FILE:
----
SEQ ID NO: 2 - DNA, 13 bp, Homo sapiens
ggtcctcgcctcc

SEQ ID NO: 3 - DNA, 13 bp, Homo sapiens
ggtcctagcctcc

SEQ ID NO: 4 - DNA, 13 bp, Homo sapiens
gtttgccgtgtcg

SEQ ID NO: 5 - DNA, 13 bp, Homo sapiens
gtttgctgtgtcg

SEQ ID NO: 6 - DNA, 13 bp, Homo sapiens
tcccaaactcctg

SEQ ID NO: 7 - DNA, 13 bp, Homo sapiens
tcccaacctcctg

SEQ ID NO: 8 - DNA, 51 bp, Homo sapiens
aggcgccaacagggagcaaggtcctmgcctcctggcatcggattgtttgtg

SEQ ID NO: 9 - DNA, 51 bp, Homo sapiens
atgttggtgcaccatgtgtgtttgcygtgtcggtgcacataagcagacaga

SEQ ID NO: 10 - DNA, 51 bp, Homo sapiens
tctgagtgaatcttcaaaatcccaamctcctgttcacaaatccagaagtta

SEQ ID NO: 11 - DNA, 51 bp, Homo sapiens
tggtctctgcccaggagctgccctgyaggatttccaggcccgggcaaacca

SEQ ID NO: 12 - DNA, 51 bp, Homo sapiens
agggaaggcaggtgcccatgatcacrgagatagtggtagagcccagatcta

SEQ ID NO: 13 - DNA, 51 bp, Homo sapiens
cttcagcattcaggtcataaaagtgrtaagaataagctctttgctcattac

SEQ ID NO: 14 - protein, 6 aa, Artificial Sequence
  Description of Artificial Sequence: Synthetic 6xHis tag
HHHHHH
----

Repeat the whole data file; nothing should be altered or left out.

SEQ ID NO: 2 - DNA, 13 bp, Homo sapiens
ggtcctcgcctcc

SEQ ID NO: 3 - DNA, 13 bp, Homo sapiens
ggtcctagcctcc

SEQ ID NO: 4 - DNA, 13 bp, Homo sapiens
gtttgccgtgtcg

SEQ ID NO: 5 - DNA, 13 bp, Homo sapiens
gtttgctgtgtcg

SEQ ID NO: 6 - DNA, 13 bp, Homo sapiens
tcccaaactcctg

SEQ ID NO: 7 - DNA, 13 bp, Homo sapiens
tcccaacctcctg

SEQ ID NO: 8 - DNA, 51 bp, Homo sapiens
aggcgccaacagggagcaaggtcctmgcctcctggcatcggattgtttgtg

SEQ ID NO: 9 - DNA, 51 bp, Homo sapiens
atgttggtgcaccatgtgtgtttgcygtgtcggtgcacataagcagacaga

SEQ ID NO: 10 - DNA, 51 bp, Homo sapiens
tctgagtgaatcttcaaaatcccaamctcctgttcacaaatccagaagtta

SEQ ID NO: 11 - DNA, 51 bp, Homo sapiens
tggtctctgcccaggagctgccctgyaggatttccaggcccgggcaaacca

SEQ ID NO: 12 - DNA, 51 bp, Homo sapiens
agggaaggcaggtgcccatgatcacrgagatagtggtagagcccagatcta

SEQ ID NO: 13 - DNA, 51 bp, Homo sapiens
cttcagcattcaggtcataaaagtgrtaagaataagctctttgctcattac

SEQ ID NO: 14 - protein, 6 aa, Artificial Sequence
  Description of Artificial Sequence: Synthetic 6xHis tag
HHHHHH